Tuesday, May 24, 2011

Thomas Maitland Cleland



If someone mentions Bauhaus, Bass, Rockwell, Pollack, or Warhol, designers and artists will know the names instantly and probably intimately. But what about Thomas Cleland? Who exactly is this person? Does anyone recognize the artist and designer who went by T. M. Cleland? Years ago, I bought an advertisement for Cadillac taken out of a Saturday Evening Post from 1928. I was enamored with the design and the illustration; the happy 'flappers' and bright red car against the soft green of the golf course. I managed to make out the signature on the ad and have been researching and collecting Cleland ever since.

Thomas Maitland Cleland, the son of a Scottish doctor, was born on September 28th, 1880 in New York. When he was in his mid-teens, he convinced his parents to enrol him in the The Artist-Artisan Institute of New York. He saw this avenue as one that would bring easy success. After some time there, he had yet to find that particular thing to stoke his creative fire. One day, he observed a classmate designing a book ornament with pen and ink. He was in awe of the stark contrast and fine detail. This was the push he needed and soon his natural talent for detail and design blossomed. From here, he became a consummate and driven professional, running his own printing businesses at an early age. He took a break from his work (perhaps his only break from creative work) to serve in WWI.

His talents were almost savant-like. It is said that his knowledge of his field was encyclopaedic and intimidating. He was known to be taciturn at times, controlling, obsessed with perfection, and even 'quite a bit of a snob'. Cleland was proud of his self-taught profession, from print and typeface design (Della Robbia) to his complex and colorful illustrations and even set and costume design for plays.

He was married in 1905 to Elinor (formerly Nellie) Lane Woodruff. Elinor was 13 years his senior and preceded him in death by nearly 20 years; they had no children. He spent most of his later years in his home in rural Connecticut. Here, he continued his work designing and painting, building cabinetry and metalworking. He had an affection for dogs, debate and had quite an interesting circle of friends, one that included the more well-known artist, Rockwell Kent. Kent, who provided the frontispiece portrait of Cleland for the 1929 collection of his work had this to say of the artist, "... I may term myself his disciple. I proudly do. He was the most consummate craftsman of his time in every last least thing he did in all the many arts and crafts he ever undertook. His sensitive perception of beauty made him always keenly sensitive to ugliness..."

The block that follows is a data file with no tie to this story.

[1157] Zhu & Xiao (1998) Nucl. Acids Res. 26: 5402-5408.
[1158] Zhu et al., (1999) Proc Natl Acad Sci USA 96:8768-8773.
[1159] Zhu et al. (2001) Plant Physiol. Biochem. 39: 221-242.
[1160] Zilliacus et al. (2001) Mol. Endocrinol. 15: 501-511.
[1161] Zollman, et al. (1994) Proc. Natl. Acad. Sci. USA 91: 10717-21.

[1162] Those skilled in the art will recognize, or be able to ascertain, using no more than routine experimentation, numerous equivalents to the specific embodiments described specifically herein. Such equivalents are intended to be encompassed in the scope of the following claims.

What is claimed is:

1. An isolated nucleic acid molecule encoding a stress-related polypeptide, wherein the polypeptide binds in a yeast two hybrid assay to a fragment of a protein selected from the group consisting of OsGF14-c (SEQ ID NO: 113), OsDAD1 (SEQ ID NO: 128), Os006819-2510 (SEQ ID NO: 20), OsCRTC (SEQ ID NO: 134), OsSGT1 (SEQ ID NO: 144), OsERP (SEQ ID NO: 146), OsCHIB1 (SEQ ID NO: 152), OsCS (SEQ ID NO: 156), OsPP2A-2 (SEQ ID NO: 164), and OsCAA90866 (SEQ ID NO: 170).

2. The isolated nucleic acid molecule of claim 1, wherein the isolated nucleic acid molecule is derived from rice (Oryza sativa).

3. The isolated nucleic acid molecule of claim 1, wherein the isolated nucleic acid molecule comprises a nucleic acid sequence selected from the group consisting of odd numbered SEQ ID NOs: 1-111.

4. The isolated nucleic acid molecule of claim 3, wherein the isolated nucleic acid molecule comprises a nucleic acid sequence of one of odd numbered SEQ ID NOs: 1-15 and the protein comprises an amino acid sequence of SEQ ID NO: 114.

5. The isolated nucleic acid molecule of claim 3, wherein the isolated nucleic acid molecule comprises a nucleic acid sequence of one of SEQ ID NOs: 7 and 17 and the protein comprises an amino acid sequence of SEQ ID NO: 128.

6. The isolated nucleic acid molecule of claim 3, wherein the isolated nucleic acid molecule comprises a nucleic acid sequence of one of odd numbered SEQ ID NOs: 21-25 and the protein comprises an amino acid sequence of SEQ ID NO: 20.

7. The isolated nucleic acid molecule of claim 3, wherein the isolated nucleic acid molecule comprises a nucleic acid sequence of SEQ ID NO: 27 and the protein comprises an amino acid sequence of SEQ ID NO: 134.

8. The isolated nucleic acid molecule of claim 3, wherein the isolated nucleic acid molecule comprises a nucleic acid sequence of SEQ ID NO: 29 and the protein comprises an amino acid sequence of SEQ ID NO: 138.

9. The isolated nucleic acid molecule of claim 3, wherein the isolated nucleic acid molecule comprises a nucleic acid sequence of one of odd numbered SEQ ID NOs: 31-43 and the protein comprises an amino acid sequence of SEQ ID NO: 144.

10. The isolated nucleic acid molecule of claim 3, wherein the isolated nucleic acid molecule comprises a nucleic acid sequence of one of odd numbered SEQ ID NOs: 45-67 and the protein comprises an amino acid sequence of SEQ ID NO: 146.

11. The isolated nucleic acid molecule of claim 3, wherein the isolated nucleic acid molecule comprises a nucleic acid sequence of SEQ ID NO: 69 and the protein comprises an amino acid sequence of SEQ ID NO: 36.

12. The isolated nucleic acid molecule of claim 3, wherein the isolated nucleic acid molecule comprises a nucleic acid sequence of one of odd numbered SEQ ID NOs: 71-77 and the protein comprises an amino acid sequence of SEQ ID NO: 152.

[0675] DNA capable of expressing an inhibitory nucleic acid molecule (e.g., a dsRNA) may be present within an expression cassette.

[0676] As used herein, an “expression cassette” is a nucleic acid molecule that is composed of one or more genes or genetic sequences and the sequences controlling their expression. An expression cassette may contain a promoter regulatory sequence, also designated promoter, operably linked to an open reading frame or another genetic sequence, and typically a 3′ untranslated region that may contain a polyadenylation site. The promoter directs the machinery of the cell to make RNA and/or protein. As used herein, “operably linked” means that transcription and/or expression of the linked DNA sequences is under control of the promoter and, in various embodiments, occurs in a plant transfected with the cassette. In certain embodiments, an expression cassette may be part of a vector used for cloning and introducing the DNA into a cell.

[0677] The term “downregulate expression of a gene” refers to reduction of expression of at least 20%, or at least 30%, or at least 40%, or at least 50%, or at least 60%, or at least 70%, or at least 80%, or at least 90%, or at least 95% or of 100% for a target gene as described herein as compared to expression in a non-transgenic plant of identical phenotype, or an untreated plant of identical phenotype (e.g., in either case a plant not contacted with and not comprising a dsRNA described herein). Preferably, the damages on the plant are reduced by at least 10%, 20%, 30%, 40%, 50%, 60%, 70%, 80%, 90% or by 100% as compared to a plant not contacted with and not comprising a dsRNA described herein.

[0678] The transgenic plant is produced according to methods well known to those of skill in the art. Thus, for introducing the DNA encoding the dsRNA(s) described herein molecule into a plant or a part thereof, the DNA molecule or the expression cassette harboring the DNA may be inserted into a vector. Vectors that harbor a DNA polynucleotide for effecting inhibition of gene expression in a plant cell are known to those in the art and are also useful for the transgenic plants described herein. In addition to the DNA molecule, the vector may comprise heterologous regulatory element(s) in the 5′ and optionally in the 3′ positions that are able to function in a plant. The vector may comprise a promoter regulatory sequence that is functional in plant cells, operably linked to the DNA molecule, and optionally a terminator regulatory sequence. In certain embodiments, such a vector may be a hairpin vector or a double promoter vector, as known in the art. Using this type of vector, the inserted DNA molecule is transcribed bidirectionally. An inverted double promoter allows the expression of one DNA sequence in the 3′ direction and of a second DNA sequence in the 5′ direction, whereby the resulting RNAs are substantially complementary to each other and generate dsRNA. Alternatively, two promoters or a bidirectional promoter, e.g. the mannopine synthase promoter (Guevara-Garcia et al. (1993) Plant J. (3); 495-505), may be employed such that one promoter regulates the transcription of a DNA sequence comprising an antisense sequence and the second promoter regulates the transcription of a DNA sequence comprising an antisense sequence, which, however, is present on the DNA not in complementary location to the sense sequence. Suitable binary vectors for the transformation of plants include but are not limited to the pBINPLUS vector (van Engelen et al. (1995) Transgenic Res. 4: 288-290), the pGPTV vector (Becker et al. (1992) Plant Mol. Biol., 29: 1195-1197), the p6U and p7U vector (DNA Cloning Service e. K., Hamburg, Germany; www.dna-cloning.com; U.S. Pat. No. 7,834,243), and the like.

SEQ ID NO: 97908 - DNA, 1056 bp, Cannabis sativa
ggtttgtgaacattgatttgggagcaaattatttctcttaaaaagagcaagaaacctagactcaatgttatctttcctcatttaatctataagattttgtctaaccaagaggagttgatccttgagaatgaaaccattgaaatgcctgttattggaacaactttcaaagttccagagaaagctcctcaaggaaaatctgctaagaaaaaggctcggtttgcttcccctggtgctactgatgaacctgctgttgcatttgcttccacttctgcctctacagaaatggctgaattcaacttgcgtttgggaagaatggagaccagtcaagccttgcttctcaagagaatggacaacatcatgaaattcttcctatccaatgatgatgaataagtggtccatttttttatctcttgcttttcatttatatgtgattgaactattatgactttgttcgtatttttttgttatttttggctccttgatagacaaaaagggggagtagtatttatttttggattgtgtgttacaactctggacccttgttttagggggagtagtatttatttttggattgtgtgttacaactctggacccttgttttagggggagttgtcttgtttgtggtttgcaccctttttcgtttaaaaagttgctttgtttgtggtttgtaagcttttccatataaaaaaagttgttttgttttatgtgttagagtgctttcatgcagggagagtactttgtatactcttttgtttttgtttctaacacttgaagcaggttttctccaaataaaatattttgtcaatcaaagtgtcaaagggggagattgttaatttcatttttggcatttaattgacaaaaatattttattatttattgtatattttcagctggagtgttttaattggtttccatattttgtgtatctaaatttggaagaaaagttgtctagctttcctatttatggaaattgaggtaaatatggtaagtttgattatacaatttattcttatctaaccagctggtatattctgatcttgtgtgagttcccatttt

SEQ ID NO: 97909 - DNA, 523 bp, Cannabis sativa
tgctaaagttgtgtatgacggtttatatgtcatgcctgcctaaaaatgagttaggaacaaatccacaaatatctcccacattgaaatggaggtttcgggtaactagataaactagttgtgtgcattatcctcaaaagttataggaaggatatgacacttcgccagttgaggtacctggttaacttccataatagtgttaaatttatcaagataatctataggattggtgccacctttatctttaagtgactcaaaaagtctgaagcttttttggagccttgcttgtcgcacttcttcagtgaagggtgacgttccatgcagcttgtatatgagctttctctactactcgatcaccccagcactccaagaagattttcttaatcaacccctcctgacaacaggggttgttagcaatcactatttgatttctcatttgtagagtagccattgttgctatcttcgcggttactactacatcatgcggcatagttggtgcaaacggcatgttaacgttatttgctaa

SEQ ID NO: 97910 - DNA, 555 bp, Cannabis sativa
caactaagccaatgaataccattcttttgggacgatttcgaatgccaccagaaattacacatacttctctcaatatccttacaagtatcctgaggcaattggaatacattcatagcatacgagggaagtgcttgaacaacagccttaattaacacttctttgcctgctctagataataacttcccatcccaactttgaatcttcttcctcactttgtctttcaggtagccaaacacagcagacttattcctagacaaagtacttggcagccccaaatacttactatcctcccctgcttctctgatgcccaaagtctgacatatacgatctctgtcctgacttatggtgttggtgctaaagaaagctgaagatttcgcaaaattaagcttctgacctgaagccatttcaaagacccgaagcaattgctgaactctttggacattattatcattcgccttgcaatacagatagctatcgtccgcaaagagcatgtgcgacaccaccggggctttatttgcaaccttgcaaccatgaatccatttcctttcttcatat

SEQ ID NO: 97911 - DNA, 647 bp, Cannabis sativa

Though an innovator and master of his art, Cleland was extremely critical of 'modern' art and design. He felt the 'new' styles were lazy, distasteful, and lacked discipline. In an address to the Society of Typographic Arts on November 5th, 1948, he said, "Art was once the business of artists and not of writers and was taught to artists by other artists and not professors; and its rather wholesome definition seems to have been -- before anything was said about "art for art's sake" -- the doing of anything, from ploughing to painting especially well. Craftsmanship was not suspect or thought to be ruinous to individuality -- or perhaps individualities were not so feeble then that they could not survive the rigors imposed by craftsmanship. I do not know when the term "fine art" was invented and the breach between it and craftsmanship began to widen, but I have come to believe that it was a sorry day for both. For then, it seems to me, the spirit of art departed from its body and the body began to decay and the spirit to wander aimlessly in space."

In his career, he designed for Locomobile, Cadillac, the Red Cross, and served as the art director for 'Fortune' magazine. He's known today for his skill in art direction, but that seems to be the limit of his notoriety. He illustrated countless advertisements and books, many of the Heritage Press Limited Edition club stories of which he also designed the books themselves. His work was sold as prints and used to cap off magnificent wall calendars. Though his career was vast and his impact on those who knew him great, he remains an unknown. To this, I can only say, what a shame. There is much to be learned from a commitment and passion like Cleland's. No matter what style of art and design you choose, his work and words can be of great inspiration. Cleland died on November 9th, 1964, leaving behind a larger-than-life legacy and a collection of work to rival that of any master craftsman.


In his address to the American Institute of Graphic Arts on February 5th, 1940 entitled "Harsh Words", Cleland said, "And, remember, there is always progress to be made within yourselves, no matter if it is the same progress in the same direction that has been made by countless other souls. And there will, I hope, always be things new to you, as there are every day things new to me, even if the sun has seen them all before. I don’t want to live a day longer than I can learn."


Art from my collection: 
Cadillac advertisement from Saturday Evening Post, 1928.
"God Bless America and Her Allies" print, 1943
Rare hand-sketched rough and final Christmas greeting for Nestle's, 1919
"Romance" print taken from a Harris-Seybold calendar, 1948
Front and back cover illustration "Commerce" for Westvaco's 'Inspiration for Printers' magazine #82, 1933

2 comments:

  1. Thomas Cleland had 2 adopted children. One of which was my grandmother Candace Cleland

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    1. Wow, thanks so very much for your comment! I would love to hear anything you know of Mr. Cleland. Facts about him are so very hard to find.

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